Long After Graduation, Alumni Return for Job Help
By KAREN ALEXANDER
New York Times
July 27, 2003
Megan Frank wasn't what most business schools would consider a particularly loyal alumna. She received her M.B.A. from the Goizueta Business School at Emory University in 2001, took a job in brand management at the Atlanta office of Eastman Kodak and didn't look back.
Then, in April, Ms. Frank was laid off from her job. Her severance package was thin, the economy was weak, and she knew she had to look anywhere she could for leads. Through her alma mater, she found a pleasant surprise: a job.
Like other business schools that have scrambled to help their displaced alumni navigate shaky economic times, with varying degrees of success, Emory's employs a full-time career coach focused exclusively on the needs of graduates.
Good M.B.A. programs have always made it a priority to help current students land their first jobs after graduation. After all, job placement rates and strong career services are the currency by which graduate business schools build their reputations. But many programs — including state and private schools — have decided that providing lifelong career guidance to their graduates pays handsome dividends as well.
Happy, loyal, gainfully employed alumni are more likely to help replenish a school's coffers down the road, and can be priceless conduits back to their companies for other alumni and current students.
Ms. Frank, 29, took advantage of her school's free online resources and one-on-one career counseling. And by networking at a school-sponsored happy hour in Atlanta, she landed a position as a consultant for the Zyman Marketing Group just a month after she was laid off. She describes the position as her dream job and says she is even earning more money.
Working through her business school network gave Ms. Frank an instant sense of community, and she now says she intends to repay the favor many times forward. "It's almost an unspoken obligation," she said. "Now that I've been in the situation, when someone calls on me for help, I'll do anything I can to help someone else out."
Business schools' career placement programs have long had open-door policies for their alumni. But the paltry job market of the last couple of years, and a deluge of requests from out-of-work alumni, have prompted many schools to redouble their efforts. (The unemployment rate rose to a nine-year high of 6.4 percent in June, leading even more people to ride out the job drought in graduate school.)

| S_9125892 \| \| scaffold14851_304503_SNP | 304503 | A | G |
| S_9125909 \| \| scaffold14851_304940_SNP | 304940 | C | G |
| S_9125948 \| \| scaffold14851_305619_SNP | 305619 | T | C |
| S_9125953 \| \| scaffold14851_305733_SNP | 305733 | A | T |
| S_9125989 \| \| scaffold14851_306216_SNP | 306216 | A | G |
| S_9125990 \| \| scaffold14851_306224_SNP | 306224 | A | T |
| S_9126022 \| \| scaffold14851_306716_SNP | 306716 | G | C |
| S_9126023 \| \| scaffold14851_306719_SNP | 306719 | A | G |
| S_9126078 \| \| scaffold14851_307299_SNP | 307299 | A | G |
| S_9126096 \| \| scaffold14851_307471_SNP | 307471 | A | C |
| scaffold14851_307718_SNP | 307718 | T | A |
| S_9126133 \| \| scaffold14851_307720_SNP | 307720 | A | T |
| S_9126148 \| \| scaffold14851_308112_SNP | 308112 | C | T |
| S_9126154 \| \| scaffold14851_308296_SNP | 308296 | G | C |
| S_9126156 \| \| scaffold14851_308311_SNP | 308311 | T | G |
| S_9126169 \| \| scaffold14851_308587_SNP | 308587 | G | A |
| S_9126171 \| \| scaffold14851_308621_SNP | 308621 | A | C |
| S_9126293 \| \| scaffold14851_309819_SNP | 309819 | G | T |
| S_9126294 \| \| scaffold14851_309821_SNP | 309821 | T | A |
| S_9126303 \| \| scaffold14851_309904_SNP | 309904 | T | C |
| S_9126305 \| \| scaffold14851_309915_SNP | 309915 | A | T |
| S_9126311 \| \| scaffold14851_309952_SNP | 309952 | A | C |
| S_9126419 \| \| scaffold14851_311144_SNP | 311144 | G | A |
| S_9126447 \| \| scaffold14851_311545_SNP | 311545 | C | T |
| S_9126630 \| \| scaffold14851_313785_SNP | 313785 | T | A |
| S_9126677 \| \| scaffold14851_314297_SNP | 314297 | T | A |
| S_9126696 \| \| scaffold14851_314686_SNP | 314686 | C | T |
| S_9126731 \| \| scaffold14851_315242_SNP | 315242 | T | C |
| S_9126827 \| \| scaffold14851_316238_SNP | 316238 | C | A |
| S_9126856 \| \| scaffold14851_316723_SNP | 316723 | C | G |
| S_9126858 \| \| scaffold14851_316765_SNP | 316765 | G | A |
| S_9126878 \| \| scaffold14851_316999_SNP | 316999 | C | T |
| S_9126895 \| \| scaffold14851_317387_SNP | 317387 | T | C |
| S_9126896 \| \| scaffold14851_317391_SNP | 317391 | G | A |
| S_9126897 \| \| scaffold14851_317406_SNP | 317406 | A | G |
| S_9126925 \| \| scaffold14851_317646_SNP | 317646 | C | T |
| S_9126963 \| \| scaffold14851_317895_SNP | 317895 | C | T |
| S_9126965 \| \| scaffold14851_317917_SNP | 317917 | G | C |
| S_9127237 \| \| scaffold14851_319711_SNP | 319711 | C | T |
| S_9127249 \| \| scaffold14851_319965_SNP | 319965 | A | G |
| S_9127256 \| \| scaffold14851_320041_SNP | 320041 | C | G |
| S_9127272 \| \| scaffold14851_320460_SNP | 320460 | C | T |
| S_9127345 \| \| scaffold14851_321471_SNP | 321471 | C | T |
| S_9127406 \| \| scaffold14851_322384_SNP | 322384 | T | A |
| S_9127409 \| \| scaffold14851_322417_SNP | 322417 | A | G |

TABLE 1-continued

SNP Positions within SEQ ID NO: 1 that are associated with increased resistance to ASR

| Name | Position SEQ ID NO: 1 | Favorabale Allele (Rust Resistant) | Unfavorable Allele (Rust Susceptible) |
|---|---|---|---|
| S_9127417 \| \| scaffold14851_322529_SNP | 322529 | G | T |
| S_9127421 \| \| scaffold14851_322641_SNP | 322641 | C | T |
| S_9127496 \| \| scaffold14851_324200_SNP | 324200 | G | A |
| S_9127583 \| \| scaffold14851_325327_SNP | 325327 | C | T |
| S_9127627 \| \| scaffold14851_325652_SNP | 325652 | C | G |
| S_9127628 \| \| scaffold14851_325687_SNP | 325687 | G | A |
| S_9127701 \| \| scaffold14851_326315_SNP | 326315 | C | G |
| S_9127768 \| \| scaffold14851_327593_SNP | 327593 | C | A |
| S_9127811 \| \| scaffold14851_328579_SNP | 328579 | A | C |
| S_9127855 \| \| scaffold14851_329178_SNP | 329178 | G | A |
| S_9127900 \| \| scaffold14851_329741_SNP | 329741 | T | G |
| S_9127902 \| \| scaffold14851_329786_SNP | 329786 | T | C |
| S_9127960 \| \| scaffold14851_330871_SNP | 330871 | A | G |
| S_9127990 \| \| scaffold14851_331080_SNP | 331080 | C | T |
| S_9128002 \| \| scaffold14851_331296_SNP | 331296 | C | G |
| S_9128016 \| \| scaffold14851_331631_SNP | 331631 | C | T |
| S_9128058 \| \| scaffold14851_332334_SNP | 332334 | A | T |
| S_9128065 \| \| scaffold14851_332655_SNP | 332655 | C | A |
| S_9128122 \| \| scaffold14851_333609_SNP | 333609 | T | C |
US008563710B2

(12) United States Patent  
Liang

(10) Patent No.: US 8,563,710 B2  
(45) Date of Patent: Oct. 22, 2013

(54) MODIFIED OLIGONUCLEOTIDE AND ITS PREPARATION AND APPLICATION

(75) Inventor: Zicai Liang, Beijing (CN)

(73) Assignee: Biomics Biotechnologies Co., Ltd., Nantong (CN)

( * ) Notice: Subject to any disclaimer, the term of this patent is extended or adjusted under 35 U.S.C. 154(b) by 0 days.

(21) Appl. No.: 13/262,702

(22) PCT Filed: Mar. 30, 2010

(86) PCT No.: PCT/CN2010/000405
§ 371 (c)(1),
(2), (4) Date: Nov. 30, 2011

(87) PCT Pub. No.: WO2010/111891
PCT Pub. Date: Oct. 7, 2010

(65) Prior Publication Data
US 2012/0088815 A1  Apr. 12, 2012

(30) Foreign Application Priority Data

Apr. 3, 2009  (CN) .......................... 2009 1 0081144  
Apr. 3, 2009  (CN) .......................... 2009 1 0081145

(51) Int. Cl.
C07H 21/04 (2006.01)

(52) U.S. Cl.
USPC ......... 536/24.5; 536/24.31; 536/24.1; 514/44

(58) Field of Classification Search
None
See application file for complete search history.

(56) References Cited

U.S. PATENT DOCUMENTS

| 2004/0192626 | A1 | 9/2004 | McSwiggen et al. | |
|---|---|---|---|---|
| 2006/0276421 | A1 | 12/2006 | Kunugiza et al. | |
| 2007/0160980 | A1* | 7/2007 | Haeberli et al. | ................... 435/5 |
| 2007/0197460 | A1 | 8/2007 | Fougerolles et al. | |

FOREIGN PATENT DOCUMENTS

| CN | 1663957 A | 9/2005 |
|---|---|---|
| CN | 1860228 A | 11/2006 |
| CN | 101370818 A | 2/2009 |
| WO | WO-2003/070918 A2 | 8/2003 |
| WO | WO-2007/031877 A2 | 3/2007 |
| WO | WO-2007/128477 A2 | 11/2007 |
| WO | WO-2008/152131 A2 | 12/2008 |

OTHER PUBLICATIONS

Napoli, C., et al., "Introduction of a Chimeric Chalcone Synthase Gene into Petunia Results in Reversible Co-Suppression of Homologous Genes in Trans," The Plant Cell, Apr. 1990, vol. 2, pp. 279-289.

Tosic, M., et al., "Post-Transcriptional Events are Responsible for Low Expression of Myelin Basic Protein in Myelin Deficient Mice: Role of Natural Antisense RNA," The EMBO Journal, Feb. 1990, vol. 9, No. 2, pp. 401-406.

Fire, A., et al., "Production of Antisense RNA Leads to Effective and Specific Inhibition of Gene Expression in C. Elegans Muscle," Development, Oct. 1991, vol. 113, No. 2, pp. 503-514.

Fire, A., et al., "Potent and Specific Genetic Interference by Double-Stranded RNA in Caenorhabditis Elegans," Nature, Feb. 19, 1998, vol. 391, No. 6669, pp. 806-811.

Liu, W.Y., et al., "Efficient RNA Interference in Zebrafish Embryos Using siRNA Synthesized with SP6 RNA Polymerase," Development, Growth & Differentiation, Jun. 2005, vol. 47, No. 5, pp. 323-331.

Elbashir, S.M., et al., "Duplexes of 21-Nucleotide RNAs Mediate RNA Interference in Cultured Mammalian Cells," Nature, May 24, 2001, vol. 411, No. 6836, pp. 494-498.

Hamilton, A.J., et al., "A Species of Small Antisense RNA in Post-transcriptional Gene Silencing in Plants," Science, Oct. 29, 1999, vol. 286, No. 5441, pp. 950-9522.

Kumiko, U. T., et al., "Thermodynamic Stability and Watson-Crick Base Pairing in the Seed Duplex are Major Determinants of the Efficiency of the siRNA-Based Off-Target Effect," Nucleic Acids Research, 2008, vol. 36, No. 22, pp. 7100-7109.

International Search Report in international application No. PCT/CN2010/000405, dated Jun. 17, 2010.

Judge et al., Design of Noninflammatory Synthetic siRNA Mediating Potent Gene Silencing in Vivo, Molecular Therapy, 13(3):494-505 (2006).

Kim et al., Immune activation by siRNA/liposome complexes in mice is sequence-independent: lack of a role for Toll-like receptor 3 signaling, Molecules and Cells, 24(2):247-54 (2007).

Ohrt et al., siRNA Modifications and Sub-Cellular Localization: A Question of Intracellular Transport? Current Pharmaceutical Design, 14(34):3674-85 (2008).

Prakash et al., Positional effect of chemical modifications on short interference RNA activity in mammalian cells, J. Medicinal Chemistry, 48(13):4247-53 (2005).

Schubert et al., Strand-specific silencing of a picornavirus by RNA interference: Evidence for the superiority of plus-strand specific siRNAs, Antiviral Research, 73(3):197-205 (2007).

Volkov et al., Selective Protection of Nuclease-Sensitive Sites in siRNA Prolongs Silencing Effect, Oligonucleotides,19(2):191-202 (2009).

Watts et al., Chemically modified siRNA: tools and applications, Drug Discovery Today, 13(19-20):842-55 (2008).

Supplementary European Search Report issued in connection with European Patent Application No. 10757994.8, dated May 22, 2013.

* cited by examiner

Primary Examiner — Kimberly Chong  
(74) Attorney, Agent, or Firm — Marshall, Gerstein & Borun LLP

The schools say the alumni programs have become increasingly popular. It's difficult, though, to gauge these programs' success, because many schools have not kept track of the people using them.
Among the services for alumni are online resources, networking events and job-search seminars offered around the country, and one-on-one career coaching. As word has spread about the offerings, they have also become popular among people who already have jobs but are contemplating their next career move.
Helping alumni "has become a major issue of concern that schools need to respond to," said Sheila Steiner, director of M.B.A. career services at the David Eccles School of Business at the University of Utah. "A lot of schools are saying, `I just finished putting away their résumés after they graduated, and now they're back.' They have seen a crush of alumni." Ms. Steiner is also on the board of the M.B.A. Career Services Council, an association of career services directors.
At Stanford's Graduate School of Business, a full-time position was created last spring to deal exclusively with the employment needs of alumni. In May, the Stern School of Business at New York University opened its Career Center for Working Professionals, with a staff of five, to work with alumni as well as the school's part-time and executive M.B.A. students.
"The typical recruiting that goes on at an M.B.A. program is by companies looking for entry-level M.B.A. positions," said Gary Fraser, assistant dean of career development at Stern. Now the school hopes to make inroads among recruiters who specialize in more experienced people as well, he said.